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Poetry on a Platter 2004

April 26, 2004

Do not fail to note that this evening is the last “Poetry on a Platter 2004” event in Salida. The festival moves on to Gunnison and Montrose next.

Tonight at 7:00 p.m. at Bongo Billy’s Salida Cafe, Colorado poets Kathryn Winograd and Chris Ransick will read their poetry.

Chance brought us a certain symmetry this year. The format for Poetry on a Platter has been to bring two nationally known poets and two regional poets to Central Colorado.

This year, we are blessed with two Colorado poets, Kathryn and Chris, who happen to share last year’s Colorado Book Award for Poetry.

Nationally known poets Demetria Martinez and Danny Solis are both from Albuquerque, giving the festival an appealing but accidental harmony. If you missed them Saturday, you can still catch them in Gunnison or Montrose.

Do not fail to note that this coming Saturday will be the library’s Spring Book Sale. My apologies for the short notice, but I have lost a week somewhere. There’s still time to clean out your bookshelves to make room for new summer reading.

The book sale will be from 9:00 a.m. to 5:00 p.m. Saturday. The same old prices will apply: $1.00 for hardbacks, 25 cents for paperbacks. Various non-print formats are usually available: videotapes, audiotapes, LPs. We’ll slash prices by 2:00 in the afternoon, so plan on making two trips.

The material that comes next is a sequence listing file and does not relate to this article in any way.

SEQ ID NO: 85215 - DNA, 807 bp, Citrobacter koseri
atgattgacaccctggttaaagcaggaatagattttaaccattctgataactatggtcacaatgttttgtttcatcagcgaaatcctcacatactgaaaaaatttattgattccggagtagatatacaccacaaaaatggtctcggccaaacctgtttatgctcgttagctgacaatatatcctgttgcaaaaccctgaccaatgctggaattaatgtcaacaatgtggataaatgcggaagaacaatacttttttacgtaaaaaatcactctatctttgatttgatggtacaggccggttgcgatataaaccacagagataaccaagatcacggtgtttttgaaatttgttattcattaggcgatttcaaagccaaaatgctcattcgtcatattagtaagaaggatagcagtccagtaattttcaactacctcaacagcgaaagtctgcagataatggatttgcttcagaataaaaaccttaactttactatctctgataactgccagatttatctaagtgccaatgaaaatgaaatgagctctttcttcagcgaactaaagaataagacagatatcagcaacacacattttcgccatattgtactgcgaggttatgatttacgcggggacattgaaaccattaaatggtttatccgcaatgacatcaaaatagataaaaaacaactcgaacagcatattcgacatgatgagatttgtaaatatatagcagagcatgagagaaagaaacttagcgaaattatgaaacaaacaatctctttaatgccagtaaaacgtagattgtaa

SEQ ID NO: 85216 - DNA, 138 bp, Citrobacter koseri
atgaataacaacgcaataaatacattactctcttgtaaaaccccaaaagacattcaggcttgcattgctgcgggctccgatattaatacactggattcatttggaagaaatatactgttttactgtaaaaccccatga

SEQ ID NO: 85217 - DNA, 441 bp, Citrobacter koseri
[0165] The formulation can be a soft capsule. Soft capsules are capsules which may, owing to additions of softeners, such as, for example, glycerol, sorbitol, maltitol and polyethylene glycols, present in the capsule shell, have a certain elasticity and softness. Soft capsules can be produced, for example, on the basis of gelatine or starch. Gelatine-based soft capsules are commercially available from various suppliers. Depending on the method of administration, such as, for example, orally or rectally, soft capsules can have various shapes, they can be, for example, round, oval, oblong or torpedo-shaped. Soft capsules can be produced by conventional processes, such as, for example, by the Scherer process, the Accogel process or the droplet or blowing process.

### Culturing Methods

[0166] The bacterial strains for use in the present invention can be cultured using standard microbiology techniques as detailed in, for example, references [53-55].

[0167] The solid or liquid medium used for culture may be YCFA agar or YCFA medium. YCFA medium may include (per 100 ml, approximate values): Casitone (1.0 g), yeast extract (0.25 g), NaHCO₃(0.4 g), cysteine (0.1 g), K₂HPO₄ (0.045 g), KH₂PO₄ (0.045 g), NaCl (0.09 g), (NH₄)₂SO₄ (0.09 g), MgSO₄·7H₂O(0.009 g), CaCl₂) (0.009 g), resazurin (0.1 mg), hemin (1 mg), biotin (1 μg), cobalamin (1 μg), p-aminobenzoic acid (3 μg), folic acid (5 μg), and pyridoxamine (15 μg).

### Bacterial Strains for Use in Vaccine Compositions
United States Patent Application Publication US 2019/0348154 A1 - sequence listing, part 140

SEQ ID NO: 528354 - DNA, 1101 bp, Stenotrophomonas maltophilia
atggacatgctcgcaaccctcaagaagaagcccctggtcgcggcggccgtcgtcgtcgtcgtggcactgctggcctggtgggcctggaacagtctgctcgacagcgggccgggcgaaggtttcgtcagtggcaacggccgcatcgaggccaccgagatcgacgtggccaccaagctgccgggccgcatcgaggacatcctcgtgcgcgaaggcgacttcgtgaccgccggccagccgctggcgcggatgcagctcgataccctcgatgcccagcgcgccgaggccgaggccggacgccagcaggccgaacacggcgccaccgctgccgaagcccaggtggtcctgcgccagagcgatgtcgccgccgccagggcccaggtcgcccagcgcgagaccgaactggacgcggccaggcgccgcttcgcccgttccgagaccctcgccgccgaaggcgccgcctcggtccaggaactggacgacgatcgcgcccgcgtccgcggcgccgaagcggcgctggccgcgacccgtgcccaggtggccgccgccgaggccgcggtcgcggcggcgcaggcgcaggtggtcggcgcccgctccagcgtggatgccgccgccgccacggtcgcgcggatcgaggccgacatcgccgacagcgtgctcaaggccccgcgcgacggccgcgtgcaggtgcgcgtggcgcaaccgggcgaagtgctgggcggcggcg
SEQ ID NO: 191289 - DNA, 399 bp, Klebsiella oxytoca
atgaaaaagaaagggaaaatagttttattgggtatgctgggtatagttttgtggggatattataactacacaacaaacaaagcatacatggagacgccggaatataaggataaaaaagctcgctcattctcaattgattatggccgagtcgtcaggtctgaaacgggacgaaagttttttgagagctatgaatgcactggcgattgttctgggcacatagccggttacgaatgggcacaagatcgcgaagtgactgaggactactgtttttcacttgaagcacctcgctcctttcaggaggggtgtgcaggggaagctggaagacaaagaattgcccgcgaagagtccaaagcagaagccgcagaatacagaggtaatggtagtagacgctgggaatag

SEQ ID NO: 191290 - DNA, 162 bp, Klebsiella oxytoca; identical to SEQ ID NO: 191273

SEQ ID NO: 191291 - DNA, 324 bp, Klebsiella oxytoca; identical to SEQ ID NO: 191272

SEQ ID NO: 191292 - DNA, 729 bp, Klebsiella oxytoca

Meanwhile, we happily accept donations throughout the year. If you don’t weed your bookshelves in time for this sale, there’s always the next sale around Halloween.

I heard an interesting story last week at a meeting of West Slope librarians in Grand Junction. A librarian had moved to Florida for a time but then returned to her old job in Colorado. She drove back, and along her way, she kept a journal that she would email to her friends and colleagues as she went.

She used public libraries for internet access whenever she could, but her experiences served to remind her of something about Colorado libraries.

Although most public libraries now have some kind of internet access, it was not always available to her. The worst experience happened in Oklahoma. She had to go to four cities before getting online.

At one public library, she could not use the internet because she was not a cardholder at that library. At another, she was welcome to use it … for a small fee of $20 … but no, she could not use it for email.

I don’t think you would find this at any Colorado public library. You might still find some use restrictions, perhaps prohibiting email, chat, or games, but in general, Colorado public libraries have long provided free access.

Each state’s circumstance is different, and I’m not offering a holier-than-thou attitude about this. Colorado is a tourist state; most libraries are used to serving visitors.

But a big part of what’s special about Colorado libraries is a history of several decades of increasing cooperation among different types and sizes of library. That is reflected in such services as open internet access and the Colorado Library Card.

Thanks to all of you who called and wrote to our Colorado representatives to support state funding for several basic library sharing programs. You’ll be happy to know that the $600,000 requested for a barebones system to continue such things as courier service for interlibrary loans is now in the proposed budget.

The job of attending to our government is never done.

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